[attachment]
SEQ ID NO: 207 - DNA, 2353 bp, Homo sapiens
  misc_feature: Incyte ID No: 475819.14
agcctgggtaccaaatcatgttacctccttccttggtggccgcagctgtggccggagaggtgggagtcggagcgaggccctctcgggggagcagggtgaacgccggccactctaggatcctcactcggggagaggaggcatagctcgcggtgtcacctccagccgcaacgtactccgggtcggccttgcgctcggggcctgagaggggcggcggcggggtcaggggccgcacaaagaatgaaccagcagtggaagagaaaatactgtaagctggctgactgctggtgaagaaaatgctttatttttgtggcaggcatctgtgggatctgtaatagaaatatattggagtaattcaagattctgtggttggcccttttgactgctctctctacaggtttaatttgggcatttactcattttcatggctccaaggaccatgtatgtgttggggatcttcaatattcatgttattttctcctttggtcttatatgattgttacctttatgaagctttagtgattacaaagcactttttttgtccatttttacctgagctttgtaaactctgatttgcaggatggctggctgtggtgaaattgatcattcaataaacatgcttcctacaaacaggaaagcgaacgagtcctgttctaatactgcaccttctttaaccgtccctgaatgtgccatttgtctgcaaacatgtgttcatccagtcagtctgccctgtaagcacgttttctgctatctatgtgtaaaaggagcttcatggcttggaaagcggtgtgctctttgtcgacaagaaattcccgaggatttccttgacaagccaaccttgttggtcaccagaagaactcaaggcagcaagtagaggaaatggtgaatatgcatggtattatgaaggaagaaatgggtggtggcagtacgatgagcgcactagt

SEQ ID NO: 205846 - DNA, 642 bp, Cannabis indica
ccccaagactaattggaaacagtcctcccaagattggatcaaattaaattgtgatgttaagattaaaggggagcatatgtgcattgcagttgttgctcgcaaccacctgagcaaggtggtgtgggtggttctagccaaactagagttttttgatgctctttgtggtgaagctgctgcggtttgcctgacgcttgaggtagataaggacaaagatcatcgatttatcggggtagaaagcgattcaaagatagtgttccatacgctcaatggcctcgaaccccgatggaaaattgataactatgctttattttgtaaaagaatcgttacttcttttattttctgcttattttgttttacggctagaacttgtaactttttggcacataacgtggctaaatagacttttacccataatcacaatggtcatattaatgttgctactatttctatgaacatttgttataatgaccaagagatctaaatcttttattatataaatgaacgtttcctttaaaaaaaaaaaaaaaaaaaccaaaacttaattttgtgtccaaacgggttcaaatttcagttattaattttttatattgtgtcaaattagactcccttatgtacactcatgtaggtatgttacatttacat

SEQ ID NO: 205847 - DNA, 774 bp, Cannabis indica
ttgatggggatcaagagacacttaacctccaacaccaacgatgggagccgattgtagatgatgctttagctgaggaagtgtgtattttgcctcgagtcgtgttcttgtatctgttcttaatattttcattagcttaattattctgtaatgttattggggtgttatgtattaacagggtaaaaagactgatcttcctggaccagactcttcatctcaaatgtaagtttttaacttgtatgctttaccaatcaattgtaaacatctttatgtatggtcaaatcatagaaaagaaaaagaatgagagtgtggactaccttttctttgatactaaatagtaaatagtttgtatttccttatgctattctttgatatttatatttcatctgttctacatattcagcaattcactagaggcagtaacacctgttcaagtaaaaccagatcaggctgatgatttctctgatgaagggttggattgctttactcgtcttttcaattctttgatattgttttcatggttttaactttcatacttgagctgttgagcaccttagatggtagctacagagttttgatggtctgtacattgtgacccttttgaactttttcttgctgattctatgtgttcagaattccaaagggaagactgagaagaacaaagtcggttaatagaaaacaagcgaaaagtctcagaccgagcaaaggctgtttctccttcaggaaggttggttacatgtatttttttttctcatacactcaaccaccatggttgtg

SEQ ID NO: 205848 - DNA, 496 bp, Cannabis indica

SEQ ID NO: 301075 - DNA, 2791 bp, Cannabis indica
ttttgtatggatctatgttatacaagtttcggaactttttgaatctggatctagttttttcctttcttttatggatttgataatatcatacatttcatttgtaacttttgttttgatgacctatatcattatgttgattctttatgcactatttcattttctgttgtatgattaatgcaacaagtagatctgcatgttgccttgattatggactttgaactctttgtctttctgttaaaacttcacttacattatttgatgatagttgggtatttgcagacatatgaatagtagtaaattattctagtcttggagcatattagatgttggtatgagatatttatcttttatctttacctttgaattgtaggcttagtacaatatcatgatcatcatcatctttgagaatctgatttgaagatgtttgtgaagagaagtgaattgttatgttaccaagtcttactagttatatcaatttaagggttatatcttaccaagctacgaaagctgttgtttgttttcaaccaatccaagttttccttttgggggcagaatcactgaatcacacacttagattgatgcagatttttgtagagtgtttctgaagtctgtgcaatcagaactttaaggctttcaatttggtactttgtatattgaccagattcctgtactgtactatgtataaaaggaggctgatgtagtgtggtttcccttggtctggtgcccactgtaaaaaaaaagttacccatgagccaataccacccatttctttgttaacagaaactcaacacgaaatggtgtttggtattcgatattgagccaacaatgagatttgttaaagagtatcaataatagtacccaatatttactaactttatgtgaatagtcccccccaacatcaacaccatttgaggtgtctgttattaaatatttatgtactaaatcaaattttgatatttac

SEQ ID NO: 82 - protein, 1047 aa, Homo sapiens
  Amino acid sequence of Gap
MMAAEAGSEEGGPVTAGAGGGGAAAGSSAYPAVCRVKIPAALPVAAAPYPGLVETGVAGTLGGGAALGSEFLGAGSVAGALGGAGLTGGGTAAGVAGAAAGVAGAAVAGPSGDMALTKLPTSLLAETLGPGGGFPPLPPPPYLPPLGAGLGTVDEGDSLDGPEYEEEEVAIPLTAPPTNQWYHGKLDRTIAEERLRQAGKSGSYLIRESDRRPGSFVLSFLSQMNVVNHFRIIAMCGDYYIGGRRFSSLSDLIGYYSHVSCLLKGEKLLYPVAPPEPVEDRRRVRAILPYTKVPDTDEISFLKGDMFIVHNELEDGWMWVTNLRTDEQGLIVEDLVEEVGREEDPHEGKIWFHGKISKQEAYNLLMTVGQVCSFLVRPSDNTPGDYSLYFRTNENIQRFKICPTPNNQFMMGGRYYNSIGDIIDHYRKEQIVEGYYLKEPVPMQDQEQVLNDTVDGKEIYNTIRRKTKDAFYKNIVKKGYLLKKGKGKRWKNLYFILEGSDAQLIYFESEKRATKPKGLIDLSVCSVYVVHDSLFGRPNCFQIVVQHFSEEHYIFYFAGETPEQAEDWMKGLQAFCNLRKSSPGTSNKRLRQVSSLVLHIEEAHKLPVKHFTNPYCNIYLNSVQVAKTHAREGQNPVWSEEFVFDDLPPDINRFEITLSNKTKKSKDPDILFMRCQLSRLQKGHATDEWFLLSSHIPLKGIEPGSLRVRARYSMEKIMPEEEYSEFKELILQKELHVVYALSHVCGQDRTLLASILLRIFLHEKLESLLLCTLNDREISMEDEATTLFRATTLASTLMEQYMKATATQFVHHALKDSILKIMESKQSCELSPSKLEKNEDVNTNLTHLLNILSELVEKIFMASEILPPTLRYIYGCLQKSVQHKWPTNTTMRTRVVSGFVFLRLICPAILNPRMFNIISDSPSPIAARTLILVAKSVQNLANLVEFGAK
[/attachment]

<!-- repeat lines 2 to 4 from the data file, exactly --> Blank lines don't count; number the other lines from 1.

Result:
  misc_feature: Incyte ID No: 475819.14
agcctgggtaccaaatcatgttacctccttccttggtggccgcagctgtggccggagaggtgggagtcggagcgaggccctctcgggggagcagggtgaacgccggccactctaggatcctcactcggggagaggaggcatagctcgcggtgtcacctccagccgcaacgtactccgggtcggccttgcgctcggggcctgagaggggcggcggcggggtcaggggccgcacaaagaatgaaccagcagtggaagagaaaatactgtaagctggctgactgctggtgaagaaaatgctttatttttgtggcaggcatctgtgggatctgtaatagaaatatattggagtaattcaagattctgtggttggcccttttgactgctctctctacaggtttaatttgggcatttactcattttcatggctccaaggaccatgtatgtgttggggatcttcaatattcatgttattttctcctttggtcttatatgattgttacctttatgaagctttagtgattacaaagcactttttttgtccatttttacctgagctttgtaaactctgatttgcaggatggctggctgtggtgaaattgatcattcaataaacatgcttcctacaaacaggaaagcgaacgagtcctgttctaatactgcaccttctttaaccgtccctgaatgtgccatttgtctgcaaacatgtgttcatccagtcagtctgccctgtaagcacgttttctgctatctatgtgtaaaaggagcttcatggcttggaaagcggtgtgctctttgtcgacaagaaattcccgaggatttccttgacaagccaaccttgttggtcaccagaagaactcaaggcagcaagtagaggaaatggtgaatatgcatggtattatgaaggaagaaatgggtggtggcagtacgatgagcgcactagt

SEQ ID NO: 205846 - DNA, 642 bp, Cannabis indica